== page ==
We model complexity in social programs as a by-product of the screening process. While a more rigorous screening process may improve targeting efficiency, the associated complexity is costly to applicants and induces incomplete take-up. We integrate the study of take-up with the study of rejection (Type I) and award (Type II)
errors, and characterize optimal programs when policy makers choose screening intensity (and complexity), an eligibility rule, and a benefit level. Consistent with many real-world programs, optimal programs feature high complexity, incomplete take-up, classification errors of both Type I and II and, in some cases, "excessive" benefits. (JEL D04, D82, H23, I18, I38)
Kleven, Henrik Jacobsen, and Wojciech Kopczuk.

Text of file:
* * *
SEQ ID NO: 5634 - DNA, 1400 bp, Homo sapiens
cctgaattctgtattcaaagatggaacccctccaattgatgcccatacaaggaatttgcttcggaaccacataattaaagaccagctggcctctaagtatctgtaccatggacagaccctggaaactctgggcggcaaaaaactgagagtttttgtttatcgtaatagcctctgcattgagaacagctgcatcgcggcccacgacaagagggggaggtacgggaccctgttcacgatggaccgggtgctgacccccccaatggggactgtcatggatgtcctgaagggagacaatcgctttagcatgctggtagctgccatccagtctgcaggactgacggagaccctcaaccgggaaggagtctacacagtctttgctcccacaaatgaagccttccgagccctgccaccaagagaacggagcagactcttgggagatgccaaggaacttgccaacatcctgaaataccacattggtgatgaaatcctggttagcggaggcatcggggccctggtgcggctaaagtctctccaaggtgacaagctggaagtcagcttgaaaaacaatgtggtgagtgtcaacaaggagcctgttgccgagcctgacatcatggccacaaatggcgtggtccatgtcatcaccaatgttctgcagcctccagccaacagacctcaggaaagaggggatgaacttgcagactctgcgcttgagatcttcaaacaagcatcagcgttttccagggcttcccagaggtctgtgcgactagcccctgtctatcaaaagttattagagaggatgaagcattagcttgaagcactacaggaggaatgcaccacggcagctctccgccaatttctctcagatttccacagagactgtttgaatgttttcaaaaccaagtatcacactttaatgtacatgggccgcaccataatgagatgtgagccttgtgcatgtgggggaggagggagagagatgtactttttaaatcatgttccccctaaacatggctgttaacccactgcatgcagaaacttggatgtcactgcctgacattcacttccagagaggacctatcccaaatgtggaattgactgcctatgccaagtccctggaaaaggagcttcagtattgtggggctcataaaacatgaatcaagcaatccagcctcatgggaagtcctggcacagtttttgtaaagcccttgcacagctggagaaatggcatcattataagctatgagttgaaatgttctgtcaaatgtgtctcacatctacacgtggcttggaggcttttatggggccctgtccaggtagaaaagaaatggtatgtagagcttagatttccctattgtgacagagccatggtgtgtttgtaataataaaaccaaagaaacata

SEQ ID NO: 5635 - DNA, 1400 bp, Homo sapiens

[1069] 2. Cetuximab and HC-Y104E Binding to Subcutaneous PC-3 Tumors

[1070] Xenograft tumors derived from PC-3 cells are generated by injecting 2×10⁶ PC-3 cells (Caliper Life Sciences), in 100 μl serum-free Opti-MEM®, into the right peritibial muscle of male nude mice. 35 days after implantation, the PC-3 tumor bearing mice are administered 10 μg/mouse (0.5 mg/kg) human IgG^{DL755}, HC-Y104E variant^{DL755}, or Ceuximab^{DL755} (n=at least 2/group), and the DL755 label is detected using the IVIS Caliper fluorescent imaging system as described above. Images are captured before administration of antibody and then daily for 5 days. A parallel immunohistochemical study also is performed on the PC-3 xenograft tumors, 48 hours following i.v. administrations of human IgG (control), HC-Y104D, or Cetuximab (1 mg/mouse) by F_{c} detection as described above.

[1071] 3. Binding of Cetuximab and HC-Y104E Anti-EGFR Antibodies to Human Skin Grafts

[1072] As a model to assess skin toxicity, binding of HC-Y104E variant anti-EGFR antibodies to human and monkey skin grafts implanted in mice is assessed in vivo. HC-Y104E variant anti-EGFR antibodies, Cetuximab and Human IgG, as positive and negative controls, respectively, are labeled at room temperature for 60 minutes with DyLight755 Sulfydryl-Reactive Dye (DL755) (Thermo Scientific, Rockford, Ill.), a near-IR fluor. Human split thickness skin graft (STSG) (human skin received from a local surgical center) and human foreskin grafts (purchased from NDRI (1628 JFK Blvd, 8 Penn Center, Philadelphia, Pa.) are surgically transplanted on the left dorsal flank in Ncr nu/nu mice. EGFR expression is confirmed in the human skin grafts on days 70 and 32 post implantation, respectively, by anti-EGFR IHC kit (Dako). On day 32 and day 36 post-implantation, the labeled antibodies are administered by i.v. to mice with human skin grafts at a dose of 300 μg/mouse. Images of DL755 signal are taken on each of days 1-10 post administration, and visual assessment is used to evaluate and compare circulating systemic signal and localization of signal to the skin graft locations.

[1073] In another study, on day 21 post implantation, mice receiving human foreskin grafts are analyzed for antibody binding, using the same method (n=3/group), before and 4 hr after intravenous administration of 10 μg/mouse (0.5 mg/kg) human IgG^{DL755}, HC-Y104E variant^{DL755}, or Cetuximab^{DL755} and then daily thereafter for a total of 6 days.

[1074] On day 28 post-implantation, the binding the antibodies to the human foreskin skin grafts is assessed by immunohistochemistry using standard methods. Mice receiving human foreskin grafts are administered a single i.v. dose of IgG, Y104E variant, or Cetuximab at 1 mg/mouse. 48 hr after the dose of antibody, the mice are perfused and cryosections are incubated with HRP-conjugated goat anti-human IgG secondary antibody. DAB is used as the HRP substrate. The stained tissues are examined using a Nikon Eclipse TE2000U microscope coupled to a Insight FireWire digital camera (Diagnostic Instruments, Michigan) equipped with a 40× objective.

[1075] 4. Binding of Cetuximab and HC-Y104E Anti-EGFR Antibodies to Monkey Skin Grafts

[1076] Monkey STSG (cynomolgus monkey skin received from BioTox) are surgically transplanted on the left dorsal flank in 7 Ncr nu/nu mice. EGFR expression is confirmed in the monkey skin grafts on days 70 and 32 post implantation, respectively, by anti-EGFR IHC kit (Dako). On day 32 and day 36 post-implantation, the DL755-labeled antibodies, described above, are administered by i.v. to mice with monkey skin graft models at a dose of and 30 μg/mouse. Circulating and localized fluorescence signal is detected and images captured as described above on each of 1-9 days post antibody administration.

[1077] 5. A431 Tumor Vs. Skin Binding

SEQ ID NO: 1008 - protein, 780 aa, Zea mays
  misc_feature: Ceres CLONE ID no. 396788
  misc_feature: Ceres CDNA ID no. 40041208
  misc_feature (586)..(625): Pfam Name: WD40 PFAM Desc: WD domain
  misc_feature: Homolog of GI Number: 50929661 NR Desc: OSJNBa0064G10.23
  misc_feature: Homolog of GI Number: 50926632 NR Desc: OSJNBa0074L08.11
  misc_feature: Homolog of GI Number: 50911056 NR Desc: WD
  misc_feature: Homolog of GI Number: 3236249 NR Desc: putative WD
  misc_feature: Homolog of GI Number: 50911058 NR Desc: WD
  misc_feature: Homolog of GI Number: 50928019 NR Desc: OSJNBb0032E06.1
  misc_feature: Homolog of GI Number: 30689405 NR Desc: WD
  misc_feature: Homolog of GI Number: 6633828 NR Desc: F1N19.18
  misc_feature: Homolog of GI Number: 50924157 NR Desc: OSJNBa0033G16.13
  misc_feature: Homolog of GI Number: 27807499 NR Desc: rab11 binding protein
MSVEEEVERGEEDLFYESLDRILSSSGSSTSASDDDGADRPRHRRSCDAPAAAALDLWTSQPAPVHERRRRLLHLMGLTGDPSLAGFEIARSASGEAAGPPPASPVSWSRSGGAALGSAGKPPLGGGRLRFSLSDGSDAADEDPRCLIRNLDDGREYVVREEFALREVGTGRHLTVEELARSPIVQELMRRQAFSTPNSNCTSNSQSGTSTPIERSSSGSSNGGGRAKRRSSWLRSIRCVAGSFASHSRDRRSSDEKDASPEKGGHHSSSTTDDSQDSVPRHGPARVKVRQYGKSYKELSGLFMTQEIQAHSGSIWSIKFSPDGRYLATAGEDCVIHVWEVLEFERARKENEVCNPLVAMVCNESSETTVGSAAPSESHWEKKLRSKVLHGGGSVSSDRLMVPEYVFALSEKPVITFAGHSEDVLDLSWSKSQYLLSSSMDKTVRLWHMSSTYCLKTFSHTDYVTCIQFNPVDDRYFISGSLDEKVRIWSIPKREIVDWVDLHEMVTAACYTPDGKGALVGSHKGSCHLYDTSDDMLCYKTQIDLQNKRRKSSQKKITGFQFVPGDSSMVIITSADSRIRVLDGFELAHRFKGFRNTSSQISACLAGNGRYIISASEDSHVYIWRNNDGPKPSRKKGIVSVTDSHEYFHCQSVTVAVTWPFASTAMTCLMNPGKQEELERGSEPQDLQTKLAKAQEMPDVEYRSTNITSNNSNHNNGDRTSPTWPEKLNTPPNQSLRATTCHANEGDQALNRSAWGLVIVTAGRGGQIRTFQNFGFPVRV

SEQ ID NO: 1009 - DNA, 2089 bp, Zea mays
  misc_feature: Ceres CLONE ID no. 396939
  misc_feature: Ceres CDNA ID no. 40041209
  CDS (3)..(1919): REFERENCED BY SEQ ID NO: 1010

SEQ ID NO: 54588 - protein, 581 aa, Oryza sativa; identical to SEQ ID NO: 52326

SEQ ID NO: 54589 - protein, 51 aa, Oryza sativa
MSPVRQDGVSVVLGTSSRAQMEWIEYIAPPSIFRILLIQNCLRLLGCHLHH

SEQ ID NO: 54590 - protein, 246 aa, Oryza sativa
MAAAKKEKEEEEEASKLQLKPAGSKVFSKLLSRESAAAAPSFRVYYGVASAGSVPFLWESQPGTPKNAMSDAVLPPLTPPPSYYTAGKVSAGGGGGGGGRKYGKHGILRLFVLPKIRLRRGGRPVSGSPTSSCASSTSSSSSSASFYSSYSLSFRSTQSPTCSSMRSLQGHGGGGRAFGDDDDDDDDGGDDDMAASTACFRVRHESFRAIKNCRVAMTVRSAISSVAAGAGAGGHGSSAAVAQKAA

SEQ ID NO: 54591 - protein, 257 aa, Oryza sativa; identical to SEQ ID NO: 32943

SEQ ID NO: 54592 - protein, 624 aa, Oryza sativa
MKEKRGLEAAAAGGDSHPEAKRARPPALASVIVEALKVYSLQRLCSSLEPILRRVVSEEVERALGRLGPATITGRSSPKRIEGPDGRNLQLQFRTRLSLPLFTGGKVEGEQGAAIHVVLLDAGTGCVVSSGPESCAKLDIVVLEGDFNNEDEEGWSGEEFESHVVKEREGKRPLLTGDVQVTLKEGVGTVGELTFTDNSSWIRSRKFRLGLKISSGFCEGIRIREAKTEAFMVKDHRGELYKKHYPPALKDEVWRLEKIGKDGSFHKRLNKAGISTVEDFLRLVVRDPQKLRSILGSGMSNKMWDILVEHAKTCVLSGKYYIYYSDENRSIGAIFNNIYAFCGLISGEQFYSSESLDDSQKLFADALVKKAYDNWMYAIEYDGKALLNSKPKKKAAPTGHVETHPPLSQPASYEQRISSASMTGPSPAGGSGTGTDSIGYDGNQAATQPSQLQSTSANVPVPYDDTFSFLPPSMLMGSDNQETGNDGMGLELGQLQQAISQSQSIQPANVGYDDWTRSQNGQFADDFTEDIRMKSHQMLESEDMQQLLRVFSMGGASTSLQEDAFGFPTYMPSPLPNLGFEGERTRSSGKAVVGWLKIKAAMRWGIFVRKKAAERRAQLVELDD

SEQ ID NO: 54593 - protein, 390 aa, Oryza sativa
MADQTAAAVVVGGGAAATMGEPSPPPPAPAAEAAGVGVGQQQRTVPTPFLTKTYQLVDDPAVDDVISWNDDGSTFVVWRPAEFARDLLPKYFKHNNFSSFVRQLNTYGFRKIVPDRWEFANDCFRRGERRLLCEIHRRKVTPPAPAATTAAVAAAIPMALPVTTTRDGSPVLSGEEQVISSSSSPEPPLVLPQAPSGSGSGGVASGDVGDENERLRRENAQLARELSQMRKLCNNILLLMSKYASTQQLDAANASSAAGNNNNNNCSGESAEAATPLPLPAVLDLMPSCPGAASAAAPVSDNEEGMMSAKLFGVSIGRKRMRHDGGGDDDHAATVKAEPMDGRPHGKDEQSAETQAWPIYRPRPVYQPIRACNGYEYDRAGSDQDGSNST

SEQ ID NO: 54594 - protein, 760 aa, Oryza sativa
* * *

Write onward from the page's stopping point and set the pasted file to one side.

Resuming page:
"Transfer Program Complexity and the Take-Up of Social Benefits."
American Economic Journal: Economic Policy,
Microeconomic Policy: Formulation; Implementation; Evaluation
Asymmetric and Private Information
Taxation and Subsidies: Externalities; Redistributive Effects; Environmental Taxes and Subsidies
Health: Government Policy; Regulation; Public Health
Welfare and Poverty: Government Programs; Provision and Effects of Welfare Programs